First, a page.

The Ballad of Buster Scruggs - Film Review

By Valerie Milano

The Ballad of Buster Scruggs
Tim Blake Nelson in "The Ballad of Buster Scruggs"

"Nasty, brutish and short." That's how philosopher Thomas Hobbes described life without good social order, back in 1651. It also pretty much sums up life in the American West in the late 1800's, according to the latest Coen Brothers latest movie, The Ballad of Buster Scruggs.

Of course, calling this a movie at all is a reach. It's a collection of six short stories - vignettes starring different people and set in different locales, tied together by a fictional book of the same title whose chapters and color plates introduce each story. It was not, as some have said, intended as a TV series and compiled into one film. "There was some press about that," said co-writer/co-director Joel Cohen at a recent Writers Guild screening. "It's actually not true."

These are in fact mini-scripts the brothers began more than a decade ago. "We wrote them for fun and put them in a drawer," said Ethan.

You have Tim Blake Nelson as a white-hatted (but not heroic) singing cowboy, James Franco as an unlucky bank robber, Liam Neeson as a traveling showman with a tragic star attraction, Zoe Kazan as a single woman on a fragile wagon train heading west, Tom Waits as a solitary prospector, and Brendan Gleeson as a bounty hunter aboard a claustrophobic stagecoach. Please note terms like "unlucky," "tragic," "solitary," "fragile," "claustrophobic".... yes, this is the Coen Brothers so there's a lot of humor. But it is black humor, dark as midnight and you may hate yourself for laughing. Even the token dog is an unpleasant yapper.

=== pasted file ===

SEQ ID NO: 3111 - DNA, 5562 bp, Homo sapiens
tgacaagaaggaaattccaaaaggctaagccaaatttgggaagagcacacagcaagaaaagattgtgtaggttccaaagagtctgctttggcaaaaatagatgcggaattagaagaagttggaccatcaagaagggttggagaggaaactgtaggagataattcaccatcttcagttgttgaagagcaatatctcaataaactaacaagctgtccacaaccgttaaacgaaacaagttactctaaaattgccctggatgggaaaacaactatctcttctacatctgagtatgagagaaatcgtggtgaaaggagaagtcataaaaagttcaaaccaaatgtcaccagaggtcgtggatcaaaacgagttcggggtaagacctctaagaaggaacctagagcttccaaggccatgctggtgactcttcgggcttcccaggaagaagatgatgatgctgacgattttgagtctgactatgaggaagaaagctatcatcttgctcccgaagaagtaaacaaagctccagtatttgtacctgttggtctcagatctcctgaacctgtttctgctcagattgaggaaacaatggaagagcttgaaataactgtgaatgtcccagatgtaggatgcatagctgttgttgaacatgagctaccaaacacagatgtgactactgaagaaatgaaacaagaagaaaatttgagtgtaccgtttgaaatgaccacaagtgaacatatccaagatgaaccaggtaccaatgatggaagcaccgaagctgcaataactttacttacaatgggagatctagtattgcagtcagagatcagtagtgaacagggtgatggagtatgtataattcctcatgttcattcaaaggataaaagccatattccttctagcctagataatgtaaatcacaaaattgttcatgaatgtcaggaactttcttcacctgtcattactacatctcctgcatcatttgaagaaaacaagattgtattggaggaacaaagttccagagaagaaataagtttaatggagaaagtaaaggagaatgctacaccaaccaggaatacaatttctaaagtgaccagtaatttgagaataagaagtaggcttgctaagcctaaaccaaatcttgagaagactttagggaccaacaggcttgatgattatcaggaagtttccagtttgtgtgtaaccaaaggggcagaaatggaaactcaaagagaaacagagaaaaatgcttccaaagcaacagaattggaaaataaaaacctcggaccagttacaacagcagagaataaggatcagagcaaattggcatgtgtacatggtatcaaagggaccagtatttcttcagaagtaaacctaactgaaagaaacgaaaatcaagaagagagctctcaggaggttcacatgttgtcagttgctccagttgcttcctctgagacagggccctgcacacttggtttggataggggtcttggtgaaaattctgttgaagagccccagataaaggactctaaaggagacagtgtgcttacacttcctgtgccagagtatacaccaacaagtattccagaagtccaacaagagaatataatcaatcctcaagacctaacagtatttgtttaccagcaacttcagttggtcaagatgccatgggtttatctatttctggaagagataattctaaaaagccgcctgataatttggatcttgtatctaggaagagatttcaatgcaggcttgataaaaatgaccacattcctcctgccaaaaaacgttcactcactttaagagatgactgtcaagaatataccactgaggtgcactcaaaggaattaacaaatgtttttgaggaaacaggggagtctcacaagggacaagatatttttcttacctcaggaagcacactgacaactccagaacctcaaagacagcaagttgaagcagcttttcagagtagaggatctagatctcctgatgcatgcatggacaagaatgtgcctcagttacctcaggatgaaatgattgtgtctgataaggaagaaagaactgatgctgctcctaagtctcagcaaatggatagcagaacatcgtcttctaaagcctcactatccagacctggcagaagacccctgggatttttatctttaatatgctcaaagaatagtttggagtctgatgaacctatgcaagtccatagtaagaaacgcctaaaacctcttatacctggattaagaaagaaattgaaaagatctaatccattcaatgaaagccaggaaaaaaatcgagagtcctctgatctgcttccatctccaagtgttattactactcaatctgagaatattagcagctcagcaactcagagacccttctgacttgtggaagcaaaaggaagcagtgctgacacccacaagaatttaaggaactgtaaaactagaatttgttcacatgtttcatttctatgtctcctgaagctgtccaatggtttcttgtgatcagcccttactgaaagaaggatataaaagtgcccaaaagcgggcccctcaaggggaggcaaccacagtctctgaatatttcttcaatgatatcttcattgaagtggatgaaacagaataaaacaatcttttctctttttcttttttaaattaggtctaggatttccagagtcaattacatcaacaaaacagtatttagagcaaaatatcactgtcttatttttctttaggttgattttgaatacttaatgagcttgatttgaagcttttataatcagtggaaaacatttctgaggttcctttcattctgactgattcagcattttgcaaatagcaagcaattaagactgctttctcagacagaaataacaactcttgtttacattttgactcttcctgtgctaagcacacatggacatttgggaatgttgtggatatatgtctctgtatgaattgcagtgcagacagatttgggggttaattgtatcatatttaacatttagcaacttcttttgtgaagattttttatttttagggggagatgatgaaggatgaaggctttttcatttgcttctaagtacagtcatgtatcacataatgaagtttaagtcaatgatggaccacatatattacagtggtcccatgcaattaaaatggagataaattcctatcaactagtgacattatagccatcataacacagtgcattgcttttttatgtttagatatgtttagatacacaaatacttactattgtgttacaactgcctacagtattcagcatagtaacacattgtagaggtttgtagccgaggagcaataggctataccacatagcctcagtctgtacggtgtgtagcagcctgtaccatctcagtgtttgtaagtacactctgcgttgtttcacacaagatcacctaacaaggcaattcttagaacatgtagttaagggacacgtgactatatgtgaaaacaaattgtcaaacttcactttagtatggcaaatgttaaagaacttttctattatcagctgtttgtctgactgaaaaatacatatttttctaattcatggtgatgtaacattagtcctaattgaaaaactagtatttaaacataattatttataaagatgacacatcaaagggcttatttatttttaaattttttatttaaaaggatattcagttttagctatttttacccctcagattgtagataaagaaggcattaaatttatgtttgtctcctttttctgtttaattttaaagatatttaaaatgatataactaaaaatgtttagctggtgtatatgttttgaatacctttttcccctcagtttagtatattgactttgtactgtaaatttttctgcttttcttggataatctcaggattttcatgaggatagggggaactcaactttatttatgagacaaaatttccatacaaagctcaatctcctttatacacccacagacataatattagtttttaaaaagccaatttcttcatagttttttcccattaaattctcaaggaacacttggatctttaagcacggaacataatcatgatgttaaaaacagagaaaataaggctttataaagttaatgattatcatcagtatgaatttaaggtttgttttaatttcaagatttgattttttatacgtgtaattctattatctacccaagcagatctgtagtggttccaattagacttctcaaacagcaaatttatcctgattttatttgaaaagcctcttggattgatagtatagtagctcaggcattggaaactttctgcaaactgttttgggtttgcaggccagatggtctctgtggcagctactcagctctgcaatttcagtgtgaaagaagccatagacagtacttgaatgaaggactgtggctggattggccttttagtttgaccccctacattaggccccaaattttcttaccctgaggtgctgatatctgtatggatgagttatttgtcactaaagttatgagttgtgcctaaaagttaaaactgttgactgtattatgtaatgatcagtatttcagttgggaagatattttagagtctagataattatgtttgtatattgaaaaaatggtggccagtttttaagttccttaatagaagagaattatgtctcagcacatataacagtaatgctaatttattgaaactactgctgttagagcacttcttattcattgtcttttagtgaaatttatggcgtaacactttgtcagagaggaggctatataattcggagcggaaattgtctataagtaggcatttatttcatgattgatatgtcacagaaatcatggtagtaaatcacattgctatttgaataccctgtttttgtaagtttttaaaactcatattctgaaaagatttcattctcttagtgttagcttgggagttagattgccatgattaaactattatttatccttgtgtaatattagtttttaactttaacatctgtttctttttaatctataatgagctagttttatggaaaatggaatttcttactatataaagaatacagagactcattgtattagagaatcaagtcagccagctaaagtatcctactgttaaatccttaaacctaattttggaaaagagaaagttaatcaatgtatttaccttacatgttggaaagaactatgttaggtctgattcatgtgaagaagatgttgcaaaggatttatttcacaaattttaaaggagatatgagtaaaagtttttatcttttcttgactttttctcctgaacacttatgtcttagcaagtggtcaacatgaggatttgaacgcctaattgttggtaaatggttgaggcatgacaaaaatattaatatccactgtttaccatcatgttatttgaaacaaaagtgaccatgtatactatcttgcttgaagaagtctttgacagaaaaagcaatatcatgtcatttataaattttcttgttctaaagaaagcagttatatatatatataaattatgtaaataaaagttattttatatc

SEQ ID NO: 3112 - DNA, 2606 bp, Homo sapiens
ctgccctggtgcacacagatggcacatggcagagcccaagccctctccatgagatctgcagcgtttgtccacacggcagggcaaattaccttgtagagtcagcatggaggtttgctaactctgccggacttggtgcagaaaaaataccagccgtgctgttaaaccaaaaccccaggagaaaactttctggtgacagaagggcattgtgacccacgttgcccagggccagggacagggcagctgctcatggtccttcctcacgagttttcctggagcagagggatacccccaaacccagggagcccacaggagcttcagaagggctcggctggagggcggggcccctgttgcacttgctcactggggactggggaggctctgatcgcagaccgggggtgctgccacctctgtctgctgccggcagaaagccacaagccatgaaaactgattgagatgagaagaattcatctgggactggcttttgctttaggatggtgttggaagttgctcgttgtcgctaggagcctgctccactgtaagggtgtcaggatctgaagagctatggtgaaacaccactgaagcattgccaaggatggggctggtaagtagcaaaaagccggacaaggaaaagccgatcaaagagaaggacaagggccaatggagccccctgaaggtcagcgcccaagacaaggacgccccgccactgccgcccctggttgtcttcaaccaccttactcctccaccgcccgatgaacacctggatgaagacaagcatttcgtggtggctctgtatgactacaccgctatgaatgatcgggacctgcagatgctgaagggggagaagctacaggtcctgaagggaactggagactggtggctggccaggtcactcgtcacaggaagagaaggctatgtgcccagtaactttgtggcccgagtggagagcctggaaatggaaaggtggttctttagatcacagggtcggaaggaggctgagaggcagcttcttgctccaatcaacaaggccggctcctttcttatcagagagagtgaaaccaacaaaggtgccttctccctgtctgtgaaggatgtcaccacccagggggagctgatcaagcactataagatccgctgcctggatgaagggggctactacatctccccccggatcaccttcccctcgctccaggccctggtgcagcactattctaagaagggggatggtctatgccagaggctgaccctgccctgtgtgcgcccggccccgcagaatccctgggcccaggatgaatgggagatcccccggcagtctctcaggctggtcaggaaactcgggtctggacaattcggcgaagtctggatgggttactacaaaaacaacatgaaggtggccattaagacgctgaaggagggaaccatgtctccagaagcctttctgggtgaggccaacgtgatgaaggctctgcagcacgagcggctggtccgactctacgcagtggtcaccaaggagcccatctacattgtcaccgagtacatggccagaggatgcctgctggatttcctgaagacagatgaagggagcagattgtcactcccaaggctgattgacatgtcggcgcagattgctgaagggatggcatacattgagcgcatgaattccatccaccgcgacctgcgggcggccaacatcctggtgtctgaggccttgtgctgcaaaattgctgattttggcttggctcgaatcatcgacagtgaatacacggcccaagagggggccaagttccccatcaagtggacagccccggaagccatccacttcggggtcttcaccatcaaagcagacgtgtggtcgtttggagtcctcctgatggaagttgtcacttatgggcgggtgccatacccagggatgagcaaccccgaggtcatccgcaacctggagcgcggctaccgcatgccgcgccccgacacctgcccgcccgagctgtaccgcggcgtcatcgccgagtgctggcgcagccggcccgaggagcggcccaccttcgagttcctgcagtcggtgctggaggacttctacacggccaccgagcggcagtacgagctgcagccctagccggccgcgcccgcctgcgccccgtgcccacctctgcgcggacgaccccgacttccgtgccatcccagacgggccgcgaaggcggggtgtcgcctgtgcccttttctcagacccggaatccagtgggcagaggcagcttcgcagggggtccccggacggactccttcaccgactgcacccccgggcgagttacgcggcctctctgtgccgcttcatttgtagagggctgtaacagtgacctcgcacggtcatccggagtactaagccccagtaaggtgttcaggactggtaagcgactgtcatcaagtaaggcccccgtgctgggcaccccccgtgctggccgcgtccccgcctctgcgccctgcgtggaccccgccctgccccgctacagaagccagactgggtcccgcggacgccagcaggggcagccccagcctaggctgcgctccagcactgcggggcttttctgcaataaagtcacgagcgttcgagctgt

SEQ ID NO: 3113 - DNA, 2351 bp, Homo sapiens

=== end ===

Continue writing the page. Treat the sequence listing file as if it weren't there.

Thanks for cinematographer Bruno Delbonnel (Inside Llewyn DavisAmelie), this post-Civil War west is a magnificent panorama, vast and untouched by civilization. That alone gives the movie a dark pessimism, as we know those lands are now being strip-mined and logged to oblivion. You'd want to go back and live there if it weren't for the occupants. Music by Carter Burwell is, as always, glorious. But there is nothing glorious about the humans. The Coens' people are selfish and shortsighted; their life is hard, and dirty, and violent.

Performances are universally stellar, especially unexpected ones like Chelcie Ross (Mad Men) as a talkative fur trapper, Bill Heck ( The Alienist) as a stalwart wagonmaster, and Harry Melling ( Harry Potter) as an armless, legless orator with no words of his own. Nothing is more fun than Tim Blake Nelson's gunslinger, of course - but then, the movie pretty much stops being fun altogether when Nelson leaves the stage.

There's a lot going on in The Ballad of Buster Scruggs, and it's going to live with me for a long time. I kinda wish it wouldn't. I get depressed enough as it is.

Directed By: Joel Coen, Ethan Coen
Written By: Ethan Coen, Joel Coen
Starring: Tim Blake Nelson, Liam Neeson, James Franco, Zoe Kazan. Brendan Gleeson, Tom Waits
In Theaters: Nov 9, 2018 (Limited)
Streaming: Nov 16, 2018
Runtime: 132 minutes
Studio: Netflix

Posted By Valerie Milano on November 14, 2018 10:54 am | Permalink